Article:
C. Selective Enforcement

Defendant also discusses Plaintiff's equal protection argument as if he were raising a selective enforcement claim. See, e.g., United States v. Armstrong, 517 U.S. 456, 464 (1996). To the extent that this is a correct construction of Plaintiff's claim, it must be dismissed for similar reasons. In order to set forth a valid selective enforcement claim, Plaintiff must meet the "ordinary equal protection standards that Armstrong outlines for selective prosecution claims." United States v. Barlow, 310 F.3d 1007, 1010 (7th Cir. 2002). Armstrong states that a selective prosecution claim is actionable as a violation of equal protection only if the decision to prosecute is based upon "an unjustifiable standard such as race, religion, or other arbitrary classification." Armstrong, 517 U.S. at 464(citation omitted). A plaintiff may demonstrate that the law is "directed so exclusively against a particular class of persons * * * with a mind so unequal and oppressive that the system of prosecution amounts to a practical denial of equal protection of the law." Id. (citations omitted).

Any such claim again founders on Plaintiff's inability to identify a discrete class of persons at all, much less one as to which the Equal Protection Clause is concerned. Plaintiff's conclusory assertion that the placement of cameras strictly outside the downtown area was "arbitrary" is insufficient in light of Defendant's entirely rational reasons for deploying cameras in certain intersections but not others. "As long as a law or regulation is rationally based, the mere failure of those who administer it to treat all persons who have violated it with complete equality does not of itself infringe the constitutional principle of equal protection." Christian v. Village of Maywood, 656 F. Supp. 367, 368 (N.D. Ill. 1987) (citation omitted). "Selective, incomplete enforcement of the law is the norm in this country." Hameetman v. City of Chicago, 776 F.2d 636, 641 (7th Cir. 1985); see also Dandridge v. Williams, 397 U.S. 471, 485 (1970) (citation omitted) (noting that a classification does not violate the Equal Protection Clause simply because it "is not made with mathematical nicety or because in practice it results in some inequity").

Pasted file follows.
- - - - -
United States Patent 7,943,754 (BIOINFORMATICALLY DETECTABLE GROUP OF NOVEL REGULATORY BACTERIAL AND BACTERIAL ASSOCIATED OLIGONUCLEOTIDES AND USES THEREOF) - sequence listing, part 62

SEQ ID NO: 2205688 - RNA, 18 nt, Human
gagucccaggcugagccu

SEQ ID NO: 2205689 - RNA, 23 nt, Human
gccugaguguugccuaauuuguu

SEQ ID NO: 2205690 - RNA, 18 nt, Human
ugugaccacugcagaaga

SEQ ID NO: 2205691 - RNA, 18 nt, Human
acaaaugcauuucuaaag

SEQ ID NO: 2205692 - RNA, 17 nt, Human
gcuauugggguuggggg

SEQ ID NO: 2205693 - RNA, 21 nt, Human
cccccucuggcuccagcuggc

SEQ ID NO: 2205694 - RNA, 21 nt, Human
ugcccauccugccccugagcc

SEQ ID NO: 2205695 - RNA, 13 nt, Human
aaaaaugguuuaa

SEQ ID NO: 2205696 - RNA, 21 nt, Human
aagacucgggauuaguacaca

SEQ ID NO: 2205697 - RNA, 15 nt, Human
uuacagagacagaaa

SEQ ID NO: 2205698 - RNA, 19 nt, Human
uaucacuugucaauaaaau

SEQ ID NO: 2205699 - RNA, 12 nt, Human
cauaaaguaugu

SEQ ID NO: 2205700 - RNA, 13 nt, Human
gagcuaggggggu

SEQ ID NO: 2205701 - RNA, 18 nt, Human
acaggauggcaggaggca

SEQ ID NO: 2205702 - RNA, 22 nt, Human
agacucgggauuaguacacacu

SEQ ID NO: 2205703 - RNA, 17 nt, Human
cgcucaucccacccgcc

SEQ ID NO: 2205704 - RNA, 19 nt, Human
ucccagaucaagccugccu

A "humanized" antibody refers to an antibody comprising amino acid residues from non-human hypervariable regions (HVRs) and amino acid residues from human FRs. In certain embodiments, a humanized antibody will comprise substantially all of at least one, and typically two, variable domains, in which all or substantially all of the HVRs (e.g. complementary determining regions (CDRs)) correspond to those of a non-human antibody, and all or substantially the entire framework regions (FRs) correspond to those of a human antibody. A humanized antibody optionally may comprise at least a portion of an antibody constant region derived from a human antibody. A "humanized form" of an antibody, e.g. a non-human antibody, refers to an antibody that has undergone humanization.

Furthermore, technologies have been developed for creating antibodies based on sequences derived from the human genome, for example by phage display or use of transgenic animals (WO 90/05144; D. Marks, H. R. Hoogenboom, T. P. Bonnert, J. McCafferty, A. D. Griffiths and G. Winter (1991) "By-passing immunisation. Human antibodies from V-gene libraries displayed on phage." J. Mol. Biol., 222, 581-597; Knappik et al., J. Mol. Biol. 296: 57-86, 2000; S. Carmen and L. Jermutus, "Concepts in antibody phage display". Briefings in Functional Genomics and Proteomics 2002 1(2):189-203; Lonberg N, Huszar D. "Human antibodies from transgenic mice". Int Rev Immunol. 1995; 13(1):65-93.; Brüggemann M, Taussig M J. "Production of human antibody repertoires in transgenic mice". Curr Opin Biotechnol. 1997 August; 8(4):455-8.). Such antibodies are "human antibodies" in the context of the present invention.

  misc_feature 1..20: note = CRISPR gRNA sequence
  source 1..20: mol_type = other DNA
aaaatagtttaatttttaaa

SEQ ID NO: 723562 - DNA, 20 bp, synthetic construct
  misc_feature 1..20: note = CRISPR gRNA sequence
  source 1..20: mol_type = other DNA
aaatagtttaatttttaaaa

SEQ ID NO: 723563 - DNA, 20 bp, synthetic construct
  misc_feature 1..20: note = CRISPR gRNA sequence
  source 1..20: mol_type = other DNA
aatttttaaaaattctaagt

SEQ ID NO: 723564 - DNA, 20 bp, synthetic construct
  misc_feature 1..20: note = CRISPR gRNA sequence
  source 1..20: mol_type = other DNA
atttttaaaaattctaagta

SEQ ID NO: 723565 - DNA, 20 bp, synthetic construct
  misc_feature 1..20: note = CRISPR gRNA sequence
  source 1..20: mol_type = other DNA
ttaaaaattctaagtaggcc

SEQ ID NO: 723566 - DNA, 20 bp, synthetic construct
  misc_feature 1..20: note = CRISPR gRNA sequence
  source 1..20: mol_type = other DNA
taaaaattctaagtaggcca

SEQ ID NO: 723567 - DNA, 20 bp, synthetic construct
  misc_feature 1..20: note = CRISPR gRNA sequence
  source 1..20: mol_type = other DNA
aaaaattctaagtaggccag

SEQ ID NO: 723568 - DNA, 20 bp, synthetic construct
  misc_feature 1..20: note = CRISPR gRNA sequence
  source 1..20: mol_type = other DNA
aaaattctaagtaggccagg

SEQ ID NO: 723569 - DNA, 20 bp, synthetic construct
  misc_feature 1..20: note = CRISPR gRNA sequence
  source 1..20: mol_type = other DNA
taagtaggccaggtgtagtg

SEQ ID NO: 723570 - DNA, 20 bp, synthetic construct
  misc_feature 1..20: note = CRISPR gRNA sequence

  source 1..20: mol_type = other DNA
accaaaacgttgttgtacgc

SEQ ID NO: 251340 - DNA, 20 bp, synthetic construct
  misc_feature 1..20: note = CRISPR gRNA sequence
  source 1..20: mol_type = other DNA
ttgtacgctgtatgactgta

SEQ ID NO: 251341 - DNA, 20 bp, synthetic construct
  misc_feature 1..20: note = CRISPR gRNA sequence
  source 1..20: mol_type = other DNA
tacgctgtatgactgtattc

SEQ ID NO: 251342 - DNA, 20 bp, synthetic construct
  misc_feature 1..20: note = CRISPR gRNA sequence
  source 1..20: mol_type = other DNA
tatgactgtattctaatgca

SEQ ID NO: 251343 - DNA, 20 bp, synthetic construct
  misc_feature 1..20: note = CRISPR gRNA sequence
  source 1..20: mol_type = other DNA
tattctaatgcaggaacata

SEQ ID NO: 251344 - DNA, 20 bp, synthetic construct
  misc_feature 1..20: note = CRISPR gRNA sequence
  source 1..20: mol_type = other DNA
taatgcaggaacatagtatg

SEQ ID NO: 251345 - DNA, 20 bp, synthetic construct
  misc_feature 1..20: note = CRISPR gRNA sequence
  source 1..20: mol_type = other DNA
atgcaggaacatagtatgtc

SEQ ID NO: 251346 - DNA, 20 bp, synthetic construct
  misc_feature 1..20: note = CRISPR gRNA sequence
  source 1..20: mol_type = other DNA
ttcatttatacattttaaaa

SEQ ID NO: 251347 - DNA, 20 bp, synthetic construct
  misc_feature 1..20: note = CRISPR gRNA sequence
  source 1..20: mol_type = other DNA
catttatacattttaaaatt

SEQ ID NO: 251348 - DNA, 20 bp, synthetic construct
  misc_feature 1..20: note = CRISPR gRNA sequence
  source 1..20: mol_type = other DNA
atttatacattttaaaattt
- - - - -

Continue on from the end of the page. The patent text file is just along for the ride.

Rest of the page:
In short, no suspect class or fundamental rights are targeted by the placement of cameras throughout the City. Any individual, regardless of race, national origin, or any other classification is a potential target of this ordinance. As such, Defendant's choice of intersections will be upheld unless Plaintiff can negate "every conceivable basis which might support" those decisions, which he cannot. "When social or economic legislation is at issue, the Equal Protection Clause allows the States wide latitude, and the Constitution presumes that even improvident decisions will eventually be rectified by the democratic process." City of Cleburne, 473 U.S. at 440.*fn7

Because Plaintiff's Equal Protection argument would not succeed against any defendant, the Court need not discuss in any detail Plaintiff's arguments for imposing liability on the Mayor of Chicago. Suffice to say that the complaint is devoid of any allegations that Mayor Daley personally took any action that deprived Plaintiff of his constitutional rights. See Ashcroft v. Iqbal, 129 S.Ct. 1937, 1948 (2009) ("Because vicarious liability is inapplicable to Bivens and § 1983 suits, a plaintiff must plead that each Government-official defendant, through the official's own individual actions, has violated the Constitution").

IV. Conclusion

For the reasons stated above, Defendant's motion to dismiss Plaintiff's complaint pursuant to Rule 12(b)(6) [16] is granted.*fn8

Robert M. Dow, Jr. United States District Judge